Sergeant Masatoshi Sawamura was convicted and sentenced to 30 years hard labor for, among other things, "forcing PW to stand at attention for a long period of time, sometimes in cold weather without sufficient clothing and on one occasion, in the nude; throwing a bucket of ice cold water over PW in cold weather;water treatment which entailed forcing water down PWs throat and nostrils using among others a hose, tubes; picking up and throwing PW to the ground; banging head against a wall; raising and lowering a sword on a PWs neck in an effort to make him give information."
Reuters reports that George II instructed Michael Hayden to testify to Congress regarding waterboarding, and he did:
Hayden's admission, the first time a U.S. official publicly disclosed the number of people subjected to waterboarding and named them, drew calls for a criminal investigation. Critics worldwide condemn waterboarding as torture, but the Bush administration has refused to define it as such.Numbered among the critics worldwide would evidently be the US Military Commission that tried and convicted and sentenced Sgt. Sawamura among others. Neither George W Bush nor the USA was around when the Spanish Inquisition practiced waterboarding, but you might note that one of the all purpose terms for inhuman cruelty and torture is "The Inquisition."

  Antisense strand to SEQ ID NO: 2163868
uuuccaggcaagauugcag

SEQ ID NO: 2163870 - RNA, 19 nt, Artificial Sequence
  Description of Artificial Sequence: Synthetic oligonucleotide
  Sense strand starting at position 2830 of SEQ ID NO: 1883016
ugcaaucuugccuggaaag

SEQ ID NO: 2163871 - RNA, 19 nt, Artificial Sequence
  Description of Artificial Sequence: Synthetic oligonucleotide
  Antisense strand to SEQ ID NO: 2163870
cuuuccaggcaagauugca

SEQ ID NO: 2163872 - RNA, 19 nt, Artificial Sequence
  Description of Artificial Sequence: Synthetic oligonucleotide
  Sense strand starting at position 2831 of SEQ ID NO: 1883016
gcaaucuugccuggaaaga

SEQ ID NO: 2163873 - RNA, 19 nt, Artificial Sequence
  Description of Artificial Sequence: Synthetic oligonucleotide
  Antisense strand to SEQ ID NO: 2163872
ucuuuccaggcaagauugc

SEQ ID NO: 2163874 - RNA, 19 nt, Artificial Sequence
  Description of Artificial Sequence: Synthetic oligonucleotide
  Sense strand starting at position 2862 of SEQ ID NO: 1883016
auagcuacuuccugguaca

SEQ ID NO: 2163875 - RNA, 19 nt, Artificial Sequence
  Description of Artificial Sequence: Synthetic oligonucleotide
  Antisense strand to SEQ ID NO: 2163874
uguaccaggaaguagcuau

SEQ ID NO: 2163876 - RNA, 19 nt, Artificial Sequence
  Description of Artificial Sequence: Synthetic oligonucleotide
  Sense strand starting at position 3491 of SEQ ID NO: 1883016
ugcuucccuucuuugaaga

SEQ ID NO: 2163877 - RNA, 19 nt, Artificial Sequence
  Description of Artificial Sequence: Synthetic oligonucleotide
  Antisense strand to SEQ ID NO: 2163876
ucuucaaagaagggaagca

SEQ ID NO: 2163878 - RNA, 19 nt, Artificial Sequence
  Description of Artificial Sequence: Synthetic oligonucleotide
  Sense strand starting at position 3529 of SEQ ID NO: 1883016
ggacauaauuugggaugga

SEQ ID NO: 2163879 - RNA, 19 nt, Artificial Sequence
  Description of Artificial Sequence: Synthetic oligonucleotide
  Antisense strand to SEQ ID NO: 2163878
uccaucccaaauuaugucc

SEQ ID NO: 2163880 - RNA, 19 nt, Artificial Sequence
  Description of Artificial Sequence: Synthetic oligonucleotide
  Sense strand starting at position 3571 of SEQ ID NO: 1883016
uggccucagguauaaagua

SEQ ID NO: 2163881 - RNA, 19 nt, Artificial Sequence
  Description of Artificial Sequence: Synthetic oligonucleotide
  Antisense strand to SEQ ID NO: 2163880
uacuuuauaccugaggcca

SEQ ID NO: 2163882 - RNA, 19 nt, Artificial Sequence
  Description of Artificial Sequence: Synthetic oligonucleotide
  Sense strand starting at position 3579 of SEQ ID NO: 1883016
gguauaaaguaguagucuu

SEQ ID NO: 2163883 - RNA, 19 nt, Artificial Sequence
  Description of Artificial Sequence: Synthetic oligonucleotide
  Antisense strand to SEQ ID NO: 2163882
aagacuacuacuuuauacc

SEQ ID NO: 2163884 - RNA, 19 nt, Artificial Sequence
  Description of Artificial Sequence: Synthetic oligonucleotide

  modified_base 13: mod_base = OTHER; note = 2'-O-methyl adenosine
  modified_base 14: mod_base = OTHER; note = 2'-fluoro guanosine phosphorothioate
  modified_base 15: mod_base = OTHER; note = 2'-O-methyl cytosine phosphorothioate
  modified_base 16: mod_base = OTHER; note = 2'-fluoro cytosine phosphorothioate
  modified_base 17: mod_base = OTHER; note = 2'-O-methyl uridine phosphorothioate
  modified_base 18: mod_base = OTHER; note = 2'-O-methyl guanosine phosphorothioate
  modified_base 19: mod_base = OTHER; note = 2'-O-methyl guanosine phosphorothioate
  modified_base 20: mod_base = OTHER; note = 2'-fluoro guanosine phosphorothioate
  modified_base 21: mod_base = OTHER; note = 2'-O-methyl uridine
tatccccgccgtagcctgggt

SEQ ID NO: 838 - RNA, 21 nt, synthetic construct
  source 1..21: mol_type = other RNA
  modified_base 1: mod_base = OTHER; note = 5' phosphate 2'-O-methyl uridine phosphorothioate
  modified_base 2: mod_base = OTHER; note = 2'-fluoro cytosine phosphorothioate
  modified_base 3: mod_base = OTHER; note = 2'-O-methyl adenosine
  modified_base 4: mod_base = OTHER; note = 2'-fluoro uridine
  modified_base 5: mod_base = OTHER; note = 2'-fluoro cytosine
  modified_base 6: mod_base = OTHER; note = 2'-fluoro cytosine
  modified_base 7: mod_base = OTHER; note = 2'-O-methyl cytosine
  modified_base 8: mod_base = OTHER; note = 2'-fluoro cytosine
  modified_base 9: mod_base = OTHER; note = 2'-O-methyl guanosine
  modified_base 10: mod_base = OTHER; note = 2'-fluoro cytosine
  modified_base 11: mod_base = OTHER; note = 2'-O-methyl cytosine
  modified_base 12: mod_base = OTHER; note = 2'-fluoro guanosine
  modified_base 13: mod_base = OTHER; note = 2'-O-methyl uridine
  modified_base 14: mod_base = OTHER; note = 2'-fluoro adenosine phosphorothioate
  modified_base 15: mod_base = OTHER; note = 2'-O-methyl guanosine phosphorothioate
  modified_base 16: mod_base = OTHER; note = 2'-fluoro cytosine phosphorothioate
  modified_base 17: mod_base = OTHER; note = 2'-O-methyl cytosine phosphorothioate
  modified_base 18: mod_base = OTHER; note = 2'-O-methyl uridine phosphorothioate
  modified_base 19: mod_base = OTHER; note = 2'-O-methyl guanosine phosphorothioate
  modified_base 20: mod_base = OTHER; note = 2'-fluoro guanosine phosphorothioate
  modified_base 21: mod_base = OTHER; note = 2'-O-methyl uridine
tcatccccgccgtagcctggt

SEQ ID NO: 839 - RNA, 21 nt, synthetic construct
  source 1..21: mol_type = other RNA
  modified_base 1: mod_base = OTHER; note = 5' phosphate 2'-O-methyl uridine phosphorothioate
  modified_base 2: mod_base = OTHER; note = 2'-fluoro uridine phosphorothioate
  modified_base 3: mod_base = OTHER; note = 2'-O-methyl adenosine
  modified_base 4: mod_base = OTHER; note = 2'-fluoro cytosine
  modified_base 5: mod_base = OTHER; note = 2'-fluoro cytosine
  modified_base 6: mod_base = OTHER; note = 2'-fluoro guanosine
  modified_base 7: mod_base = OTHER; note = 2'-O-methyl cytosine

Now somehow you're to be reassured by the statement that we haven't done so for five years, which somehow minimizes the fact. But before you get too comfortable BushCo mouthpiece Tony Fratto noted,
"It is dependent on the circumstances."I'll just bet that makes you feel better. When Michael Mukasey had to testify before Congress,
Senate Judiciary Committee Chairman Patrick Leahy, a Vermont Democrat, opened Wednesday's hearing by saying, "This administration has so twisted America's role, law and values that our own State Department, our military officers and, apparently, America's top law enforcement officer, are now instructed by the White House not to say that waterboarding is torture and illegal."The question that has to occur to you is just exactly how it is that law suddenly became conditional? If you follow the reasoning of BushCo, there are things that are torture only if it is convenient for them to be torture. If it becomes in "circumstances" convenient to torture then it is not torture. I'm pretty sure Sgt Sawamura had found circumstances that made it convenient to engage in behavior that the US (in a more honorable time) found worthy of 30 years hard labor. George II might find that kind of labor a bit less fun than clearing ranch brush for photographers.
"Never mind that waterboarding has been recognized as torture for the last 500 years," Leahy said. "Never mind that President Teddy Roosevelt properly prosecuted Americans soldiers for this more than 100 years ago."
Sometimes it almost seems as though history has a sense of humor. A naval aviator shot down by fellow soldiers of Sgt Sawamura becomes President, has a kid who hides out in Texas during a war as an aviator and then becomes the President who engages in the same behavior Sgt Sawamura did. Ah, it must warm a father's heart with pride...
The Dick just got done calling it a tougher program for tougher customers, so those tough US soldiers who wouldn't cooperate with the Japanese deserved it? Seems we were bombing the snot out of Tokyo and killing a bunch of soldiers on islands across the Pacific...what an asshole.